Penan Research Project : Part 1
If it wasn’t because of the Penan research project that I’m involved in, I would not have the opportunity to explore Long Bedian village and the surrounding Penan settlements at Tutoh/Apoh area. Before this, I heard and read about the mentioned Kayan longhouse but never have the time to even visit the places until end of last July.
Long Bedian village was chosen as the team first destination for our Penan research project as based on our studies, there are few Penan settlements located nearby the mentioned Kayan longhouse.
The Journey Start Here
On the 31st July, the team (consists of 5 persons) left the campus around 8am. We boarded on 2 4WD-vechicles with mixed feelings of excitement (as it was everybody first time off road experience) and worries (the journey might take longer due to un-predictable weather, worry the most that we might not get the opportunity to meet the nomadic Penan).
Little did I know one of our drivers is my long lost cousin – Adam (who is also the Long Bedian Head of Village’s brother-in-law). What a small world after all. We get to know each other while having our breakfast before departing to Bakong. 🙂
It’s A Bumpy Ride After All
The journey from Miri to Bakong was a bumpy journey, dusty and hot. We were traveling during dry season as per informed by our drivers. One get to see plants, trees, bushes, houses along the roadside are in beige colors as it was covered by at least 5 inches thickness of dust. It was a 3 hours bumpy ride and I swear I felt my breast is getting sagging each time it bounced. I kid you not. ;p
It took 1 hour journey from the Lapok Bridge to Long Lama town. You have to get into a ferry to go across the Baram River as Long Lama town is located across the river. While waiting for the ferry, we got out and stretching our nearly cramped muscles due to the bumpy ride.
We had our lunch at Long Lama town for 1 hour before we departed to Long Bedian.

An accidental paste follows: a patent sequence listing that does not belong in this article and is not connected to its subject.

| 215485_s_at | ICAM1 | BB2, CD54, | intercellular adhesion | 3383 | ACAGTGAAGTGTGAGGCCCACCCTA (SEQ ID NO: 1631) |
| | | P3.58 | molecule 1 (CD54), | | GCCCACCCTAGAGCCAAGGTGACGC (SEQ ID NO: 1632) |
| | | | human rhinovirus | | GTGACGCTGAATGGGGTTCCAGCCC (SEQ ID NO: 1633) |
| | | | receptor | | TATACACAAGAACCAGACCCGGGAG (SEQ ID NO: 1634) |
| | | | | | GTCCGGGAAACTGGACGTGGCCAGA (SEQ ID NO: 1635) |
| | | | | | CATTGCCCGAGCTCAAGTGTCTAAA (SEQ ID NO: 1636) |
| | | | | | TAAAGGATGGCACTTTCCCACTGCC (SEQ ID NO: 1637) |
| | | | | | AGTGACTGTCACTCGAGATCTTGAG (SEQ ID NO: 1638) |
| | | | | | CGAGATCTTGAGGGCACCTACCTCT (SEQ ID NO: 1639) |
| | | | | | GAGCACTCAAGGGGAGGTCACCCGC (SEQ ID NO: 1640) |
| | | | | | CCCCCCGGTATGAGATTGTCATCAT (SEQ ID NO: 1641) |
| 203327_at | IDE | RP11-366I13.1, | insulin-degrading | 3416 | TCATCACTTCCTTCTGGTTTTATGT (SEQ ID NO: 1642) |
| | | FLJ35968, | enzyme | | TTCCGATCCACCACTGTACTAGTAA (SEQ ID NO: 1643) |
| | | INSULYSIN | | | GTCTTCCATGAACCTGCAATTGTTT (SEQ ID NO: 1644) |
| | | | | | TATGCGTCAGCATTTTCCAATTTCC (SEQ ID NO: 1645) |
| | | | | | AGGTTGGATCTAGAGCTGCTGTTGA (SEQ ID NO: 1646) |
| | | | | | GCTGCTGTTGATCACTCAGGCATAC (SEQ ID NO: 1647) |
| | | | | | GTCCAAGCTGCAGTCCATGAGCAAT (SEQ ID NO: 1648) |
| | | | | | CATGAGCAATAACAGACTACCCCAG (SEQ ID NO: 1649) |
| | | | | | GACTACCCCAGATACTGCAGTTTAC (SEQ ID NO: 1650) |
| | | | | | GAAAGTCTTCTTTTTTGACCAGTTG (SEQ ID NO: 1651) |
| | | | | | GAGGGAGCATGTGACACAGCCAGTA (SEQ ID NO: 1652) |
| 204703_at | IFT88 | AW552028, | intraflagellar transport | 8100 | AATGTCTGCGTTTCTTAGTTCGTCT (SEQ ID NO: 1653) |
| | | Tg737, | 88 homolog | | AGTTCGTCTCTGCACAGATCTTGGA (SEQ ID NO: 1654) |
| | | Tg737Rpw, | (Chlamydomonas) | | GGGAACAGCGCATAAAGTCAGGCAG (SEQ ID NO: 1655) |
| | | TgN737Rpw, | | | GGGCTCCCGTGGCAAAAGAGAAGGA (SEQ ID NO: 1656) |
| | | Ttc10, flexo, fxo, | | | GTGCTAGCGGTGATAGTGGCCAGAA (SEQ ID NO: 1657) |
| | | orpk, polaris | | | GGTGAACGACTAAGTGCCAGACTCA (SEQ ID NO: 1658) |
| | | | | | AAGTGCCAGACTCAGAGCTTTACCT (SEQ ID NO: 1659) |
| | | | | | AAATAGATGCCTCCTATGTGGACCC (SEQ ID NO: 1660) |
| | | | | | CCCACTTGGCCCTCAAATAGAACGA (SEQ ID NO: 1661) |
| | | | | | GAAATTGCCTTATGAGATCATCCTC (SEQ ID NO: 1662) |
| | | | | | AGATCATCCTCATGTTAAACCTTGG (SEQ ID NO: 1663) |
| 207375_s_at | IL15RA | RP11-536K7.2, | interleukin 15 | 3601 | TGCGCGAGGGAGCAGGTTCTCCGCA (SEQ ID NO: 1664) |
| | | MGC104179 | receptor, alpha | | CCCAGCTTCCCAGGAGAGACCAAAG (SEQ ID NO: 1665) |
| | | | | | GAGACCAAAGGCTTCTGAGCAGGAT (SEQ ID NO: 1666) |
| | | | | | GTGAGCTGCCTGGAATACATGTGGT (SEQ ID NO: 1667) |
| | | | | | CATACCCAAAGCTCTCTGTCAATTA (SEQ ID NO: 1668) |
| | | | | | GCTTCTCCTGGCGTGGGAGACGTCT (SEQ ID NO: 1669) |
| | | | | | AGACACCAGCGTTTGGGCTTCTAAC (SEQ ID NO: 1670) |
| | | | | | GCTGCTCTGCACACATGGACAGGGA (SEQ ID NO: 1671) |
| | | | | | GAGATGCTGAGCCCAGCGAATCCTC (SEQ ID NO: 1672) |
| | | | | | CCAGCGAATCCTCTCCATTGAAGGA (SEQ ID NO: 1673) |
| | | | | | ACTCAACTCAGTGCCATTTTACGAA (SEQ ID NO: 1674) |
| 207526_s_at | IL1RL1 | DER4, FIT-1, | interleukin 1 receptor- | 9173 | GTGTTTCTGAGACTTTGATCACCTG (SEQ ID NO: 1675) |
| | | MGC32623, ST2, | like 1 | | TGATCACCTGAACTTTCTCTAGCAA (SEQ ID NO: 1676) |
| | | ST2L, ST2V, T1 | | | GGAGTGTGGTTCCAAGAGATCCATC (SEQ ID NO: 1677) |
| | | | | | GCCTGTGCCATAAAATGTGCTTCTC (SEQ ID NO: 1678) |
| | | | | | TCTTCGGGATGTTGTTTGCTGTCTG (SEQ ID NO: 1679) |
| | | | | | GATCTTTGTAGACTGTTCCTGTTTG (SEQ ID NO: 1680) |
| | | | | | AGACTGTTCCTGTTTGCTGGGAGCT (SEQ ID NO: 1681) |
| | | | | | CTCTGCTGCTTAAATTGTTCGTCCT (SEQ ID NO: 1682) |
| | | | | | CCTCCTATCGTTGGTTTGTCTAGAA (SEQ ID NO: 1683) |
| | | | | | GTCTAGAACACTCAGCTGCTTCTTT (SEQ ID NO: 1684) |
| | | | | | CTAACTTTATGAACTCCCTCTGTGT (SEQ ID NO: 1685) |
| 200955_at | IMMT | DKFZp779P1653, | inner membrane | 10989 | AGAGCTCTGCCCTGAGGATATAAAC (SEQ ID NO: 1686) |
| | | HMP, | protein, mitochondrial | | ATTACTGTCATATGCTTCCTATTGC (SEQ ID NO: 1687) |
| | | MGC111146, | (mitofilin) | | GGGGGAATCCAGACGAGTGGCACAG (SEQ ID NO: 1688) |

Not Only It’s Bumpy but It’s Dangerous
Along the journey from Long Lama to Long Bedian, one gets to see forest ‘demolition’ to give way to oil palm plantation. You don’t get to see logging activities near the timber roads as it is usually done deep inside the forest. I was shocked to discover a stone quarry in the middle of the forest too.
Once a while, you would bump into logging trucks and the scene is pretty scary as the trucks are loaded with logs. At times, our drivers have to stop the car to give way for the logging trucks to pass by otherwise your car might plucked into the ravine.
Honestly, going up and down the hills on a timber logging roads is not a fun matter. One must have sharp eyes and must be focus too. I rather drive a 4WD vehicle in a rally instead of this. Period.
It took us 1 hour to reach Long Bedian from Long Lama town. We checked in at a home-stay type of accommodation which was managed by one of our driver – Richard. After settling down for few hours, the team discussed and decided to execute the plans of exploring the first nearby Penan settlement.
Long Latei Penan Settlement
It took us 40 minutes drive from Long Bedian to Long Latei. We met the Ketua Kampung (Head of Village), Mr. Jangin and also get to meet the villagers. We documented, filmed, photographed on whatever we wanted to know for the research project that last for nearly 3 hours.
You may not know that Long Latei Penan is no longer categorized as nomadic Penan as they had pretty much settled down just like the other ethnic races. Some of them even owned 4WD vehicles and motorbikes’. They provide education to their children by sending them to the nearest school. They had electricity supply too and it’s not from SESCO but from self-financed generator. They even had a church and most of them are Christians now. However, there is one muslim family here as one of the Penan girl was married to an Indonesian guy.
And you know what; the Long Latei Penan even had a parabolic dish (not ASTRO satelite dish) installed in front of their longhouse. I didn’t manage to get a shot of it however it was filmed anyway. 🙂
So to those who still think the Penan are ‘backward’ people due to their once upon a time nomadic lifestyle, do you still see the Penan the same again after knowing this facts?
Please don’t coz they’re moving forward too just like you and me. 🙂